# Volume using the disk method

## Homework Statement

Use the functions:
y=x+1, y=0, x=0, x=2

Find the volume when rotated around y=3
Find the volume when rotated around y=-1

## Homework Equations

PI$$\int$$ R2dx or perhaps PI$$\int$$ R2 - r2dx

## The Attempt at a Solution

i don't think that this is a particularly hard question, but I just can't seem to get the right answer. (perhaps I'm making a silly mistake)

So first I graphed the equations, all in the first quadrant, vertical line at x=2. bounded region looks like a trapezoid.

attempt:
PI$$\int$$ (from 0-2) of [3-(x+1)]2 dx

however the answer is 46pi/3 and I get 8pi/3 <-- very obviously wrong.
is this a washer method problem?

for the next, PI$$\int$$ (from 0-2) of [1+(x+1)]2 dx

i get 32pi/3 and the answer is 50pi/3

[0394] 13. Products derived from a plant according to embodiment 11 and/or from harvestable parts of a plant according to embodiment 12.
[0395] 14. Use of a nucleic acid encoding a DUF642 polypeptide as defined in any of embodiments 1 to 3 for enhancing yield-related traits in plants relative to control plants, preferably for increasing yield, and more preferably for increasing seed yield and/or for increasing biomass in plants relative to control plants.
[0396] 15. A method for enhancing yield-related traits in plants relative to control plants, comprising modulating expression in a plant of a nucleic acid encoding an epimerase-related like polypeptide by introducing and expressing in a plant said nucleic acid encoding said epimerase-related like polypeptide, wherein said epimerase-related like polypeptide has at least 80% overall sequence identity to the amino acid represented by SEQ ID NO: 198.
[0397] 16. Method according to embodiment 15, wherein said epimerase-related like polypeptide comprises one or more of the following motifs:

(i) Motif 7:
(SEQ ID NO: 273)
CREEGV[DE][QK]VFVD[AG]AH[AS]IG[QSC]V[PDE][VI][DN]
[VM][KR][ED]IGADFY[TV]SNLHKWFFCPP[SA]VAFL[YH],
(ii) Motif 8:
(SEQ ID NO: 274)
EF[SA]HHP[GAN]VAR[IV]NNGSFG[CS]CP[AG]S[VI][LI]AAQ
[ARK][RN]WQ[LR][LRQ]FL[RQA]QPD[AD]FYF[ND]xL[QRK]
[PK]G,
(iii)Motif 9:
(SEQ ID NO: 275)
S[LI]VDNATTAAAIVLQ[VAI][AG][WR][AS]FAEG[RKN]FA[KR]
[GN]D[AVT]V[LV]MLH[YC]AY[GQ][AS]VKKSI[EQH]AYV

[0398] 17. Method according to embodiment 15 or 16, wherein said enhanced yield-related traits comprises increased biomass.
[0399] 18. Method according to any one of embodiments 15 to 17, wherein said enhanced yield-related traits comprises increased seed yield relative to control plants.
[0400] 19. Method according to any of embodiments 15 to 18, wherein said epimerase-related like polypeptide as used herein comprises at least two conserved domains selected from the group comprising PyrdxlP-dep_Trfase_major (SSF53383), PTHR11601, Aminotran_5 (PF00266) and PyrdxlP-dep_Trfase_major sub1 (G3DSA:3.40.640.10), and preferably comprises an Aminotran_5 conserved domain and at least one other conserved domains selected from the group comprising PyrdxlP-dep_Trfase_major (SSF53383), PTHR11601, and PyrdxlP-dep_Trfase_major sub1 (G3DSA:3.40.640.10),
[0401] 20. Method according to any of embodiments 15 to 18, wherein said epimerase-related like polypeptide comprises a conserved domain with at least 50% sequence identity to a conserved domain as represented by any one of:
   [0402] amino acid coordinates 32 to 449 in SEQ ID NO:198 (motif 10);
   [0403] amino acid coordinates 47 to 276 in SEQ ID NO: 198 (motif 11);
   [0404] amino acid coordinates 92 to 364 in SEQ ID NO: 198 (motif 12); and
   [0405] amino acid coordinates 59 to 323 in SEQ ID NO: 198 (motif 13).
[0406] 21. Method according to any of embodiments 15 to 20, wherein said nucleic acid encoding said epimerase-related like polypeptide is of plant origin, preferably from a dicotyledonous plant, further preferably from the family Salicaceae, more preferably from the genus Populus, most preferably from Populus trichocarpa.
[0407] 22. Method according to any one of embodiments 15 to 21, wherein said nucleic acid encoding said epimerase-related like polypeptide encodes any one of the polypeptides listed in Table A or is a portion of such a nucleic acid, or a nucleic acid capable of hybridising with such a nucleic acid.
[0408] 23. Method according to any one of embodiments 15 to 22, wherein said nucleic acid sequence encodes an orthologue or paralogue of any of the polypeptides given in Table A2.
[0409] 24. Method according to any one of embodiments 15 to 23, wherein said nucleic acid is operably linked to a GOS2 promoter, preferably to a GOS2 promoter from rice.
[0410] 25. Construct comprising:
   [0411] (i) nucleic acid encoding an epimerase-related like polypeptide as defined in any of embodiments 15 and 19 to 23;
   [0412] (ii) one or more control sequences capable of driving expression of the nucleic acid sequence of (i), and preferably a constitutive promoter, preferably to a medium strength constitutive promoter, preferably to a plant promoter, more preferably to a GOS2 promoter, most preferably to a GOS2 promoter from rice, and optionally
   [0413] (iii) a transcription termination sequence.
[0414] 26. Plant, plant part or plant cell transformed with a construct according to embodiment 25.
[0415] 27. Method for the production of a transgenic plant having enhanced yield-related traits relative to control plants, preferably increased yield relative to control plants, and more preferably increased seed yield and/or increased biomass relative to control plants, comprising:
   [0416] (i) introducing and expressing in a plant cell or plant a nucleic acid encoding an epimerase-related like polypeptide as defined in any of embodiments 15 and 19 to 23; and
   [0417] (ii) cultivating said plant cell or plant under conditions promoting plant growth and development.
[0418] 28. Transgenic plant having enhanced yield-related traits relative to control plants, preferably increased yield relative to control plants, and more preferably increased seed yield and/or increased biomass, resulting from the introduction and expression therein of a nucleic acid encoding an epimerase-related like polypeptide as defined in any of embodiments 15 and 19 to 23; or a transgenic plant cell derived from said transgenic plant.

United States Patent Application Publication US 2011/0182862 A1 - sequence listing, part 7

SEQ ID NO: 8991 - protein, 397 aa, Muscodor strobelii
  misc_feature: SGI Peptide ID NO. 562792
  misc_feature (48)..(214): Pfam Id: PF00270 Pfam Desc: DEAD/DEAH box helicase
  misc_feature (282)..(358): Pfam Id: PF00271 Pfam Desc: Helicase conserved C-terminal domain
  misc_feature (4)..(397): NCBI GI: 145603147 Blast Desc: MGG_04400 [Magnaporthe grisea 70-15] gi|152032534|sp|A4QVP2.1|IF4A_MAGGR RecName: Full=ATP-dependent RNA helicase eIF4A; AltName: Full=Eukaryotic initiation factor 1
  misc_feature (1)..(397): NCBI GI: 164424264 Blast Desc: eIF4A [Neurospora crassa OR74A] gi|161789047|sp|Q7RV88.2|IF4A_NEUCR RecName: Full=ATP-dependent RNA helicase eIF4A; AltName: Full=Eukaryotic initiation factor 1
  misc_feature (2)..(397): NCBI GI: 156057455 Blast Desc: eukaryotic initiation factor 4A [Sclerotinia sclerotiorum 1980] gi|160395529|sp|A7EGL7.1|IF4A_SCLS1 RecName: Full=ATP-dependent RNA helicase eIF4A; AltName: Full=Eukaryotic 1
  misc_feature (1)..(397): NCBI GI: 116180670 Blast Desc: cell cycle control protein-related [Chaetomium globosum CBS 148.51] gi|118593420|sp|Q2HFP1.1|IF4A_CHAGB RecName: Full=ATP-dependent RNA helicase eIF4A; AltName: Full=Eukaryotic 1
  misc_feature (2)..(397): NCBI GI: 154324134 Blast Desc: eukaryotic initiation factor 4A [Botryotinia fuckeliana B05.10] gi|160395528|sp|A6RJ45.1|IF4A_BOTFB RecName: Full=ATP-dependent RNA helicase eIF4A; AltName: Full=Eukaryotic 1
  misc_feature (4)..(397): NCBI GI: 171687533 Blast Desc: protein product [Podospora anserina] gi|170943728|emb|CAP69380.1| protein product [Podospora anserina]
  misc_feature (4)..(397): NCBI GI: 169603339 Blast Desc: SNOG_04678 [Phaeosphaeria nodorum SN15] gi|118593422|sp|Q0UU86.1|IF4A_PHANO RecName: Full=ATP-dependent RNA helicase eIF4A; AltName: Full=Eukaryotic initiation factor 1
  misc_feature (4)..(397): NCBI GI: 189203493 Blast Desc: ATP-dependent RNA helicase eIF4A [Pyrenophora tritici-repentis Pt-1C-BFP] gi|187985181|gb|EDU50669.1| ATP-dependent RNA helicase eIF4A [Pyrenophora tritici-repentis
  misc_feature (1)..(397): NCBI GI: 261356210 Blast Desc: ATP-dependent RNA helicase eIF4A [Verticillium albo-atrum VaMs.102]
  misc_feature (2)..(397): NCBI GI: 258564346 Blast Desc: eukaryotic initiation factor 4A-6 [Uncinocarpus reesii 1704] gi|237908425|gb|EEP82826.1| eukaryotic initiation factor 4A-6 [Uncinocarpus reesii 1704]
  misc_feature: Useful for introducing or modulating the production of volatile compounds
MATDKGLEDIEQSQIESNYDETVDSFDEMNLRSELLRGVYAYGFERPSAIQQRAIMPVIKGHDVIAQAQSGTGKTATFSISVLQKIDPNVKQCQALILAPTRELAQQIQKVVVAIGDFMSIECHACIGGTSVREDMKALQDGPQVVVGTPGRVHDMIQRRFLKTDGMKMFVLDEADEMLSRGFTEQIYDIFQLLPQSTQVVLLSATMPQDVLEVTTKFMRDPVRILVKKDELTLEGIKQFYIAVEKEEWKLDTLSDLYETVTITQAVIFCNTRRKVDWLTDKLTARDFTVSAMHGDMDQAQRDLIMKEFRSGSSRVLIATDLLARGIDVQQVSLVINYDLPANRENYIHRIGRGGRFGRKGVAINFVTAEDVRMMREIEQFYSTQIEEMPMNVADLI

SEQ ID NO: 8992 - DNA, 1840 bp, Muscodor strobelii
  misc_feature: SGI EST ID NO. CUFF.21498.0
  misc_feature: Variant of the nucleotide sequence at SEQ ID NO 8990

thanks :)

Mark44
Mentor

## Homework Statement

Use the functions:
y=x+1, y=0, x=0, x=2

Find the volume when rotated around y=3
Find the volume when rotated around y=-1

## Homework Equations

PI$$\int$$ R2dx or perhaps PI$$\int$$ R2 - r2dx
It's the second one.

## The Attempt at a Solution

i don't think that this is a particularly hard question, but I just can't seem to get the right answer. (perhaps I'm making a silly mistake)

So first I graphed the equations, all in the first quadrant, vertical line at x=2. bounded region looks like a trapezoid.

attempt:
PI$$\int$$ (from 0-2) of [3-(x+1)]2 dx
The volume of your typical volume element is $\Delta V = \pi (R^2 - r^2) \Delta x$. It's not $\Delta V = \pi (R - r)^2 \Delta x$. Do you see what you're doing wrong?
however the answer is 46pi/3 and I get 8pi/3 <-- very obviously wrong.
is this a washer method problem?

for the next, PI$$\int$$ (from 0-2) of [1+(x+1)]2 dx

i get 32pi/3 and the answer is 50pi/3

thanks :)